Whenever I see Maria Kochetkova off-stage I am always surprised by how diminutive she is, so sparrow-boned and delicate that she could be a Dresden porcelain figurine. But on stage, especially in modern choreography, she is as sleek and athletic as anyone. With flawless technique she shifts between lightning swiftness and languorous adagio without batting an eye, and she possesses the kind of artistry that can project a panoply of emotions always appropriate to the role. So when we begin our interview it takes me a moment to remember that her looks are deceiving, and not unexpectedly, she proves to be as articulate in expressing her thoughts as she is in her dancing.
Aimée Ts’ao: How did you come to dance at SF Ballet?
Maria Kochetkova: I saw San Francisco Ballet perform in London when I was working there. I had seen a few performances and I really enjoyed the diversity of the repertoire and the works and the dancers I saw. I said to myself that if I will ever decide to change and go to another company, it would be SFB. It was first on my list. That’s exactly what happened – in a couple of years I sent my DVD and I was invited to come for an audition. Actually it didn’t happen so easy – I couldn’t get a visa to come to America because I have a Russian passport. I had kind of given up, but then Christopher Wheeldon saw me in class one day. I was in Moscow on holidays and taking class at the Bolshoi Theatre and he was choreographing his ballet on the company. We just started talking and San Francisco Ballet somehow came up. He said, “ You’ve got to go to this company. It’s going to be perfect for you.” In a way he really helped me with that, but when I finally got my visa it was really late and I was told all the contracts had been given away for the season. I decided to come anyway because I had never been to America before and I wanted to see how the classes are and how dancers work, and catch a few performances. But then I was offered a principal contract. To be honest, I didn’t expect it at all because I thought it was too late. It was really a magical moment for me. So I decided to stay, there was no question. In London I had been a soloist and it meant a lot that Helgi gave me a principal contract.
From ‘Masha, a portrait of ballerina Maria Kochetkova’ – a Kickstarter project
AT: What have been the highlights for you here at SFB?
MK: The diversity of the repertoire. When I was in London I really wanted to do more contemporary works, not just classical ballets. I wanted to use my body in different ways. I felt I had it in me, I really wanted to try it and that’s why I decided to come here. Also the number of works created for the company. How lucky I am, or all of us, we’re really spoiled getting to work with so many different choreographers. For a dancer to grow and to develop it’s important to have new works created on you. You make your own way of moving, you discover yourself. When I was at the English National Ballet I danced Romeo and Juliet, Cinderella, Swan Lake, mostly classical work. The few contemporary pieces weren’t new so I never had any ballets choreographed on me.
AT: Who are your favorite choreographers?
MK: Christopher Wheeldon. He picked me for the first ballet I had created on me for the 75th anniversary [New Works Festival]. That was Within the Golden Hour. I had no experience creating a new ballet, working with a choreographer in that way before, but I have worked with him on every single work he has done since I joined SFB.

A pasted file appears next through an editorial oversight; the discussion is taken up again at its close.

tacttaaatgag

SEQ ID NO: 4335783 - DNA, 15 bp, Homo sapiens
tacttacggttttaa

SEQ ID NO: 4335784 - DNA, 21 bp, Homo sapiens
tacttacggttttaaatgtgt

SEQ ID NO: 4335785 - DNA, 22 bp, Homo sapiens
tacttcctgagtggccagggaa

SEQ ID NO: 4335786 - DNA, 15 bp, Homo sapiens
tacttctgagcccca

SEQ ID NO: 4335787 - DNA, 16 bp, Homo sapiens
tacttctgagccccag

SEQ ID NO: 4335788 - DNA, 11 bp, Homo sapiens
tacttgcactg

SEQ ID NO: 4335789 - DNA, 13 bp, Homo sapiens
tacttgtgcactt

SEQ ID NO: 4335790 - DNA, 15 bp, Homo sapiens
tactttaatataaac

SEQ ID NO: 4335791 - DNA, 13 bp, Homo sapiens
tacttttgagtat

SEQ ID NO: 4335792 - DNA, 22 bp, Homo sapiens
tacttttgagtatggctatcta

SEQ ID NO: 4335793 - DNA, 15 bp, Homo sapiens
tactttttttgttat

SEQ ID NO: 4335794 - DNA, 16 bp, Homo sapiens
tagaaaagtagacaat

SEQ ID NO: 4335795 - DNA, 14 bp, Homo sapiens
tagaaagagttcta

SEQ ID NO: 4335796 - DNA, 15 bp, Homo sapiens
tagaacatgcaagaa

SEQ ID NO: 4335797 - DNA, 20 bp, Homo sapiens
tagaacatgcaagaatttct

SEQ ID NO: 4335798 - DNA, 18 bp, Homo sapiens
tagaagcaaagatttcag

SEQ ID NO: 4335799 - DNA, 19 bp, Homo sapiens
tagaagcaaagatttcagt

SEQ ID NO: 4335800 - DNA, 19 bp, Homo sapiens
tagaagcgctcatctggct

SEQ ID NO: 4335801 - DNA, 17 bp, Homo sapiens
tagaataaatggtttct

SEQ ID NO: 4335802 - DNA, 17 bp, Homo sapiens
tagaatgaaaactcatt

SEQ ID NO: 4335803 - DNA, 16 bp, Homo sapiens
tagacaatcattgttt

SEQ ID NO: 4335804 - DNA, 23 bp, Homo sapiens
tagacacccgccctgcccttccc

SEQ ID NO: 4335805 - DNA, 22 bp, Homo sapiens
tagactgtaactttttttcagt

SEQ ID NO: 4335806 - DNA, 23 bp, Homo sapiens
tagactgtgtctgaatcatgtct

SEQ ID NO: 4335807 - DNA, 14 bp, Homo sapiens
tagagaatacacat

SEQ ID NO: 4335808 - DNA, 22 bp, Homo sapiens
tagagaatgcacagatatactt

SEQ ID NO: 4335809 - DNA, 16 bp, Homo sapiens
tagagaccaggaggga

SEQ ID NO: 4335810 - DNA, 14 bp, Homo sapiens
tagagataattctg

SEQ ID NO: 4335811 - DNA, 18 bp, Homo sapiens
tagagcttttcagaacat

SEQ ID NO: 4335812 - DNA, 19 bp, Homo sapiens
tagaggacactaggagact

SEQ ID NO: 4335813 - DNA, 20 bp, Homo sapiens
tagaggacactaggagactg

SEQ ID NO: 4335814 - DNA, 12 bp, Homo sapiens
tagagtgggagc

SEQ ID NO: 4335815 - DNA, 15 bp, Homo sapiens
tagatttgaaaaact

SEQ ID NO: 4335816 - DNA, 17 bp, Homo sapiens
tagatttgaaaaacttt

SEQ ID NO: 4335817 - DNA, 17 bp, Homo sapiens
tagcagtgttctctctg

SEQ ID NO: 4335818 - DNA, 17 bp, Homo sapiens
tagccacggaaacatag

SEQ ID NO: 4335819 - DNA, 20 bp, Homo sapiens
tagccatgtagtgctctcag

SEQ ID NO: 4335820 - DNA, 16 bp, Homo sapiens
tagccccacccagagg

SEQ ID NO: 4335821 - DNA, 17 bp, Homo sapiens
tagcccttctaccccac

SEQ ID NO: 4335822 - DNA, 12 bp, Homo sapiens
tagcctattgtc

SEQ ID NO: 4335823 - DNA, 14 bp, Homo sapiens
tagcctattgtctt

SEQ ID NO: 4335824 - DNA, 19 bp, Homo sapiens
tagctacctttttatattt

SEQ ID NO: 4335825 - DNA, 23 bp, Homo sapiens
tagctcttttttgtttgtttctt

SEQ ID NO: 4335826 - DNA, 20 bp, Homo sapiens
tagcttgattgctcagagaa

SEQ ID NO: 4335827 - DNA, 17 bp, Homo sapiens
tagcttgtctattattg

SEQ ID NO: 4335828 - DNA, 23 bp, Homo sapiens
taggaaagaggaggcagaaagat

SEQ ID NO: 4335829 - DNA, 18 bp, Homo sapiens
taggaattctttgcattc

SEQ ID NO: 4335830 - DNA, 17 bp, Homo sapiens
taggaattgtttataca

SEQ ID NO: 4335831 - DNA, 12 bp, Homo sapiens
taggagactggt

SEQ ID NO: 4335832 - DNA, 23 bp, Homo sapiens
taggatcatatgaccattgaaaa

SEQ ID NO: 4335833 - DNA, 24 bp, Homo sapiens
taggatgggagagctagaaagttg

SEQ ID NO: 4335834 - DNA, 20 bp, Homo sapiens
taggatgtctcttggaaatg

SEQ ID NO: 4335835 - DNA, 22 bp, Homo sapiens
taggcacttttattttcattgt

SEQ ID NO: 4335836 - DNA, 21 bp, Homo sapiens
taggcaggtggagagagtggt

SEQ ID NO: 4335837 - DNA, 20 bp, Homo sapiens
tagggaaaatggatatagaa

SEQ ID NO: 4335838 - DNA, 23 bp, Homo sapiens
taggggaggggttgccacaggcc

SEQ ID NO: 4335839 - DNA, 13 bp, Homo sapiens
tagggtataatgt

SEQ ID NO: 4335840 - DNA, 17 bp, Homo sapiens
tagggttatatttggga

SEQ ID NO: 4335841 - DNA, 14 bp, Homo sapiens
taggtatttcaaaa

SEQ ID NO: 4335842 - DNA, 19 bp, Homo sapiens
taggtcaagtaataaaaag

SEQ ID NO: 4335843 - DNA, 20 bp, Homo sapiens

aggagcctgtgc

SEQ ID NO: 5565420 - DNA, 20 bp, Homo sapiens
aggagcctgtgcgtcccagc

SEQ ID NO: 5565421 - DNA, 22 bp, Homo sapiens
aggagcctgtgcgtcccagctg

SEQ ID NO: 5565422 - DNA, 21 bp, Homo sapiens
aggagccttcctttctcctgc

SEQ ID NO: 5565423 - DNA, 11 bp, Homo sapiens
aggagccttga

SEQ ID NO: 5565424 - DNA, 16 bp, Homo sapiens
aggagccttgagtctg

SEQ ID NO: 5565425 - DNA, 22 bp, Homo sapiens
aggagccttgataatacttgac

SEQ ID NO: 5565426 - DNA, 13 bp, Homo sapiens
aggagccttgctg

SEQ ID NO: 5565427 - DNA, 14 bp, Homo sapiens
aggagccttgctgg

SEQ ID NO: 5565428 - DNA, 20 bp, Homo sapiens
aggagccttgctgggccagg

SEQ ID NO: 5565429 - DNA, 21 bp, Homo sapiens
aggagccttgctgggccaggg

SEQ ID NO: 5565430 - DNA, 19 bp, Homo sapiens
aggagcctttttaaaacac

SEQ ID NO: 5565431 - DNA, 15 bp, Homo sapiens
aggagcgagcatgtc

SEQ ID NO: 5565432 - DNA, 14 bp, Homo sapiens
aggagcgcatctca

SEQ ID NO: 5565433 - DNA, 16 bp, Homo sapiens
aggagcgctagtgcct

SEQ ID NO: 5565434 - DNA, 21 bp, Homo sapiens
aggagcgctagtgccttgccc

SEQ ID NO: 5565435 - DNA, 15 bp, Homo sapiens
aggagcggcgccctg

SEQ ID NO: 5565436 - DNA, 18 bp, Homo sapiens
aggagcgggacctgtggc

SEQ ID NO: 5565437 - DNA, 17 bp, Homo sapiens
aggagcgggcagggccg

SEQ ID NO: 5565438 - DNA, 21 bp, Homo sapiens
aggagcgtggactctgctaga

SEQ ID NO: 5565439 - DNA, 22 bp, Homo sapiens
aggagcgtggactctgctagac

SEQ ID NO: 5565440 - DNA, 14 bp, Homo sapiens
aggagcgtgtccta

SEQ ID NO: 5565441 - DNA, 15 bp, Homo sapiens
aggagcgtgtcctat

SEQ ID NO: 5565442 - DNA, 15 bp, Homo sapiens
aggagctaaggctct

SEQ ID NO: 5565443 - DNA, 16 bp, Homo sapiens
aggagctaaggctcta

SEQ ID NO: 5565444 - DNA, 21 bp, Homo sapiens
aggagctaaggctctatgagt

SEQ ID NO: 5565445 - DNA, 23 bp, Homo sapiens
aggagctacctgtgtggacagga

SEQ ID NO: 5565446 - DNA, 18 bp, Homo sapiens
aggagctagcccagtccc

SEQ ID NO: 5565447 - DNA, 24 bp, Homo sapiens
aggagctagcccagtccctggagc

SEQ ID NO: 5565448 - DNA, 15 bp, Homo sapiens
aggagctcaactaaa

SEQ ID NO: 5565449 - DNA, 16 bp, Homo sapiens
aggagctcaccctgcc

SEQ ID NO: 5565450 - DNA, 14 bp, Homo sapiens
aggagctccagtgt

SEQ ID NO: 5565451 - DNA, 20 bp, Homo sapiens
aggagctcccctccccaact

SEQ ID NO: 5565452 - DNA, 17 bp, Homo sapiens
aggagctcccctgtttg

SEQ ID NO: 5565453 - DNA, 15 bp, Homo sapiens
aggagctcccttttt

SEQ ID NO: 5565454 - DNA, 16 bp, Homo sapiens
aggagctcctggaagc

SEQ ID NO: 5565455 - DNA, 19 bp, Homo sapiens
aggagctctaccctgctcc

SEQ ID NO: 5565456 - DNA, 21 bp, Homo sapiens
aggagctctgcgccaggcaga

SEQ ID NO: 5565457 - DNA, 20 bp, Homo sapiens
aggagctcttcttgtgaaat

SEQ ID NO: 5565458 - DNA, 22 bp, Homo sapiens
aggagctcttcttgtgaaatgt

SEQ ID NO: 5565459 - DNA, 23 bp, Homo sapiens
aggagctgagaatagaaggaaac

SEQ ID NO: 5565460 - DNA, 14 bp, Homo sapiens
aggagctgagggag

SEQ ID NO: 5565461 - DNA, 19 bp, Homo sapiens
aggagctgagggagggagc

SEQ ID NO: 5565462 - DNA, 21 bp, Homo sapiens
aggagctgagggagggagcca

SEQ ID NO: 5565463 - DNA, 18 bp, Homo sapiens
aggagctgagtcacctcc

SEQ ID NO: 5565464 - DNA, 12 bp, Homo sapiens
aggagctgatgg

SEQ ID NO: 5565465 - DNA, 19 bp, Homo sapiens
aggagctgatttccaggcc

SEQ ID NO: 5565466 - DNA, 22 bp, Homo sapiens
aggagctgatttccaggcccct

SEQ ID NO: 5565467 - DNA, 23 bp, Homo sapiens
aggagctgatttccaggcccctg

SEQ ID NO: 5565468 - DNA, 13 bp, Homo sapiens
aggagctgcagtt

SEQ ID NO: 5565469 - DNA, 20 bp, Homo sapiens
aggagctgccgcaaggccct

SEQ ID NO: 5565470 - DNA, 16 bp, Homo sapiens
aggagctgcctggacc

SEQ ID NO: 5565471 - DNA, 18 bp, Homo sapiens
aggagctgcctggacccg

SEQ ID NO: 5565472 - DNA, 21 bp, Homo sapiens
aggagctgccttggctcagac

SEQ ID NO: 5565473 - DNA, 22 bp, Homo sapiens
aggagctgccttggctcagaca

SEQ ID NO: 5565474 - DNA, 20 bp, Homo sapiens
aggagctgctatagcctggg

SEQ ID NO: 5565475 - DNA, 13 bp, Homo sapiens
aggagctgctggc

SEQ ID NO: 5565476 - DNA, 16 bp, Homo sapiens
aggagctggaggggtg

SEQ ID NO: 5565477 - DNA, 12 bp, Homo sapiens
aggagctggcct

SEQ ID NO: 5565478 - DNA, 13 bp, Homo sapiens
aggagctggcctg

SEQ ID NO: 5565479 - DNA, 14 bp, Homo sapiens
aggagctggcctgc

And Yuri Possokhov – I love all his work and have been in all his new works since I started here. We have a really good connection, and it’s not our background, because we both come from the Bolshoi. The way we feel movement the same. I enjoy doing his choreography.
And I like working with Helgi [Tomasson] a lot because he helps me so much in the studio and he knows me so well. I really enjoy dancing his works.
AT: Did you have any difficulties when you first came?
MK: I don’t think I’ve had so many, in fact, it was a relief to come here. I felt the freedom to move my body in new ways. I had suffered inside from not having this kind of coaching. But my point is I actually felt so much freer in my dancing and movement. It felt so organic in my body working with the ballet masters in the way they wanted. The amount of work was much more than what I had before, but that was what I wanted.
I really like it here. Everyone is very friendly and more open, more California. I really miss London a lot because there is so much going on, so many performances, but you can’t have everything. I love dancing in the company, I’m happy working here.
AT: What are you favorite roles?
MK: I really had a lot of fun doing the full-length Don Quixote for the first time here in America. Onegin was a gift for all of us. It is one of the ballets every ballerina wants to do at some point in her career. And, of course, Giselle is one of my favorites. I like story ballets a lot, but I also enjoy ballets where I am just dancing.
AT: Could you talk about your partnership with Joan Boada?
MK: I love dancing with Joan. It’s so rare to have a partner like him. He feels exactly what I’m doing and he reacts immediately. I know I think how he thinks.
AT: How do you feel about touring, especially to London in September?
MK: It’s my first time coming back to dance in London since I left five years ago. I’m happy to go and show what I’ve done during my time here. I’m dancing in eight of the ten ballets and they are all very different and they were all choreographed for the company except for the Balanchine.
Hopefully, you will make an effort to catch this exceptional artist in the coming weeks. She’ll be dancing at least one ballet for most performances, but I urge you to see her as many times as you can squeeze in.